Pfizer COVID-19 vaccine appointments are available to our patients. Sign up for Connect today to schedule your vaccination. Continue your routine care with us by scheduling an in-person appointment or Video Visit.

Increased Left Atrial Appendage Density on Computerized Tomography is Associated with Cardioembolic Stroke.

TitleIncreased Left Atrial Appendage Density on Computerized Tomography is Associated with Cardioembolic Stroke.
Publication TypeJournal Article
Year of Publication2020
AuthorsChang AD, Ignacio GC, Akiki R, Grory BMac, Cutting SS, Burton T, Jayaraman M, Merkler A, Song C, Poppas A, Kamel H, Elkind MSV, Furie K, Atalay M, Yaghi S
JournalJ Stroke Cerebrovasc Dis
Volume29
Issue4
Pagination104604
Date Published2020 Apr
ISSN1532-8511
Abstract

BACKGROUND AND PURPOSE: While studies have stratified cardioembolic (CE) stroke risk by qualitative left atrial appendage (LAA) morphology and biomarkers of atrial dysfunction, the quantitative properties that underlie these observations are not well established. Accordingly, we hypothesized that LAA volume and contrast density (attenuation) on computerized tomography (CT) may capture the structural and hemodynamic processes that underlie CE stroke risk.

METHODS: Data were collected from a single center prospective ischemic stroke database over 18 months and included all patients with ischemic stroke who previously underwent routine, nongated, contrast enhanced thin-slice (≤2.5 mm) chest CT. Stroke subtype was determined based on the inpatient diagnostic evaluation. LAA volume and attenuation were determined from CT studies performed for various clinically appropriate indications. Univariate and multivariable analyses were performed to determine factors associated with ischemic stroke subtype, including known risk factors and biomarkers, as well as LAA density and morphologic measures.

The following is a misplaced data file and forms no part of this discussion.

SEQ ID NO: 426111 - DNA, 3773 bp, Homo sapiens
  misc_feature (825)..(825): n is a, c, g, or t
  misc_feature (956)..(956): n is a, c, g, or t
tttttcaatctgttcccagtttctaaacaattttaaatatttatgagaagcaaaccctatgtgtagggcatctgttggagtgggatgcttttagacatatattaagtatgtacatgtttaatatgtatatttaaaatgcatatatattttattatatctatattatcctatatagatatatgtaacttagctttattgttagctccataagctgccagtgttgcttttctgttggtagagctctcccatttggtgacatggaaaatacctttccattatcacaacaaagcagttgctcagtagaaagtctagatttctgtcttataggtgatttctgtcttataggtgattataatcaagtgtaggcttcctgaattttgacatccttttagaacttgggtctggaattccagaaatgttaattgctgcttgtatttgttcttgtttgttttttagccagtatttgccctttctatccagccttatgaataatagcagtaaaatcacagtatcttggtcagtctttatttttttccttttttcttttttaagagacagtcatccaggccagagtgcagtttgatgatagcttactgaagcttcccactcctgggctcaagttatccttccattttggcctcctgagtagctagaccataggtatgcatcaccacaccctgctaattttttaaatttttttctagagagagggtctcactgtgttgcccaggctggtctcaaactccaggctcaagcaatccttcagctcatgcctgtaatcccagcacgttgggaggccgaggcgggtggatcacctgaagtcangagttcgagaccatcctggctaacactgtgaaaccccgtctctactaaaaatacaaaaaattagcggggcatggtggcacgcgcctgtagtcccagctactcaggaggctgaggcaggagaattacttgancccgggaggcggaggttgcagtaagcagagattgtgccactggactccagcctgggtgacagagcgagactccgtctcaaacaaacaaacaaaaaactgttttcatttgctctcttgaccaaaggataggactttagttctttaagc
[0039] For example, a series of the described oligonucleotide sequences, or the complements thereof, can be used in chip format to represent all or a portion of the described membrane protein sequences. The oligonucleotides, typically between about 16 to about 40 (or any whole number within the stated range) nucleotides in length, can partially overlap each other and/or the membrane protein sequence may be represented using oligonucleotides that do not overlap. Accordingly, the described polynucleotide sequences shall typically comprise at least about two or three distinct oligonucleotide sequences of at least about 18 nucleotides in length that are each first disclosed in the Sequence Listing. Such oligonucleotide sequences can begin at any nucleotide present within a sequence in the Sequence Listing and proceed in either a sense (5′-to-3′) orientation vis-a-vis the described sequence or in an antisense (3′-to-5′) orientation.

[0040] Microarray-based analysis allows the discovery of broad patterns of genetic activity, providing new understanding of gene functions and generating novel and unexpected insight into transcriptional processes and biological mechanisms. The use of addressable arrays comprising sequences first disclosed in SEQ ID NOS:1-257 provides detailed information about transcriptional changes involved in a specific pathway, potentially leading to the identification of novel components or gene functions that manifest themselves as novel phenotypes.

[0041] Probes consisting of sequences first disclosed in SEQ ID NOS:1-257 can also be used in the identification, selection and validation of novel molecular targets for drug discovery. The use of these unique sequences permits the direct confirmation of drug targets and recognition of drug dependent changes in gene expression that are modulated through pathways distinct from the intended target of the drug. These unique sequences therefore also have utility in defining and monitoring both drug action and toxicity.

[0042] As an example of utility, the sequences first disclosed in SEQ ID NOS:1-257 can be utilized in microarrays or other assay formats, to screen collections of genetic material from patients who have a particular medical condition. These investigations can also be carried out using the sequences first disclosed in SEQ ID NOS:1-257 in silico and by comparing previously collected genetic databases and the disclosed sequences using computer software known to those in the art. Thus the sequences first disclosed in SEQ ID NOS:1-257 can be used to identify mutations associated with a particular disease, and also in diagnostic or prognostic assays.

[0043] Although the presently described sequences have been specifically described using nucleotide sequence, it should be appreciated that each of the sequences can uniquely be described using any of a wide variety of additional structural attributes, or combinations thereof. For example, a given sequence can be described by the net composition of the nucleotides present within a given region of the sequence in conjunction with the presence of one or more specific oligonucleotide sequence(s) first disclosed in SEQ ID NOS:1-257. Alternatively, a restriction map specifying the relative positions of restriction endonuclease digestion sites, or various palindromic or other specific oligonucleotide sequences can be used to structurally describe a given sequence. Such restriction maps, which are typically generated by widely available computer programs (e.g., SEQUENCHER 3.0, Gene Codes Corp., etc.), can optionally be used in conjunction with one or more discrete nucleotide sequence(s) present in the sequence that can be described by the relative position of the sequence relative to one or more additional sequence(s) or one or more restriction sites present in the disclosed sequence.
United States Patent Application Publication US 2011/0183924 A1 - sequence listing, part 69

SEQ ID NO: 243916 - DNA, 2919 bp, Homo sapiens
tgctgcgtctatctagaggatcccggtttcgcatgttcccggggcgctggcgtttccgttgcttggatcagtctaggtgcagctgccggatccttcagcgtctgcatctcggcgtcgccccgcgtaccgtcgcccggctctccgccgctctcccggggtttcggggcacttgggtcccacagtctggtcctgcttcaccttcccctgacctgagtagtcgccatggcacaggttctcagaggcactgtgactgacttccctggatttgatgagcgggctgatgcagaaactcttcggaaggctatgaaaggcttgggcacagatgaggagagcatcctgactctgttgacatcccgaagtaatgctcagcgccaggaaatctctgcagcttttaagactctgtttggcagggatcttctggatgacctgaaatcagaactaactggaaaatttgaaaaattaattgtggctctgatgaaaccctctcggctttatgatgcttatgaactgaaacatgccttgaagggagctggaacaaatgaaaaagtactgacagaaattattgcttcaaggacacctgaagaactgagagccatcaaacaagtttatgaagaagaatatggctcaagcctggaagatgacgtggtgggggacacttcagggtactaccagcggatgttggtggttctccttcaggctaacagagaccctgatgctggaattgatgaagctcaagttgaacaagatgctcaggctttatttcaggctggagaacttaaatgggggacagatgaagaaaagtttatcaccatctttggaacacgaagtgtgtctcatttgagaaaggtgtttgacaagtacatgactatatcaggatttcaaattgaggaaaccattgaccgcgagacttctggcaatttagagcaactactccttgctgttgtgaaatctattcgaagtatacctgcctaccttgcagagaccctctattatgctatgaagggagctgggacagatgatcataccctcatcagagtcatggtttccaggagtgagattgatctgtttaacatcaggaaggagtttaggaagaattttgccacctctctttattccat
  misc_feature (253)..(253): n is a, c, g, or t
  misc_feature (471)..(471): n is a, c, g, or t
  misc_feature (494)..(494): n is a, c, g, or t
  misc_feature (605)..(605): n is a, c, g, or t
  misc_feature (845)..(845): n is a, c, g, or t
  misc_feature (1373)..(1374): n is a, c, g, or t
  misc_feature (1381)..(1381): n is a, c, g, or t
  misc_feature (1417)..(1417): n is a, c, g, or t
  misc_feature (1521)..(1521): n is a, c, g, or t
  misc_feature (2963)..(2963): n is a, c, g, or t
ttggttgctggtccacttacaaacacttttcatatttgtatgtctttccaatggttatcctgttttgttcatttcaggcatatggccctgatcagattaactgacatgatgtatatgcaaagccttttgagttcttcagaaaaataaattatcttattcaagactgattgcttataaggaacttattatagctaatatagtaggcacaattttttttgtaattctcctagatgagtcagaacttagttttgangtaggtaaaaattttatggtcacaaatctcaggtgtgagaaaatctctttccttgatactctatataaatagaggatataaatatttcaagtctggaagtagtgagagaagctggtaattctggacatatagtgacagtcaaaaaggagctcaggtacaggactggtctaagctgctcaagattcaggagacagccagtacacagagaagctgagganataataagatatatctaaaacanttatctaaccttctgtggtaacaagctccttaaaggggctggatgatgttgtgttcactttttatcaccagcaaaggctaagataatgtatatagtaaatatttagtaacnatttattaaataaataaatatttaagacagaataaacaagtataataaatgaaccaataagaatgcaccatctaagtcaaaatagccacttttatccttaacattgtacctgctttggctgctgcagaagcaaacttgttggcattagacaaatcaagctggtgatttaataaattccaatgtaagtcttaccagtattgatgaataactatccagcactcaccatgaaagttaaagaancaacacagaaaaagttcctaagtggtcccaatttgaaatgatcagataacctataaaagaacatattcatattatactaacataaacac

RESULTS: We identified 311 patients with a qualifying chest CT (119 CE subtype, 109 Embolic Stroke of Undetermined Source (ESUS), and 83 non-CE). In unadjusted models, there was an association between CE (versus non-CE) stroke subtype and LAA volume (OR per mL increase 1.15, 95% CI 1.07-1.24, P < .001) and LAA density (4th quartile versus 1st quartile; OR 2.95, 95% CI 1.28-6.80, P = .011), but not with ESUS (versus non-CE) subtype. In adjusted models, only the association between LAA density and CE stroke subtype persisted (adjusted OR 3.71, 95% CI 1.37-10.08, P = .010).

CONCLUSION: The LAA volume and density values on chest CT are associated with CE stroke subtype but not ESUS subtype. Patients with ESUS and increased LAA volume or attenuation may be a subgroup where the mechanism is CE and anticoagulation can be tested for secondary stroke prevention.

DOI10.1016/j.jstrokecerebrovasdis.2019.104604
Alternate JournalJ Stroke Cerebrovasc Dis
PubMed ID31932211

Weill Cornell Medicine Neurology 525 E. 68th St.
PO Box 117
New York, NY 10065 Phone: (212) 746-6575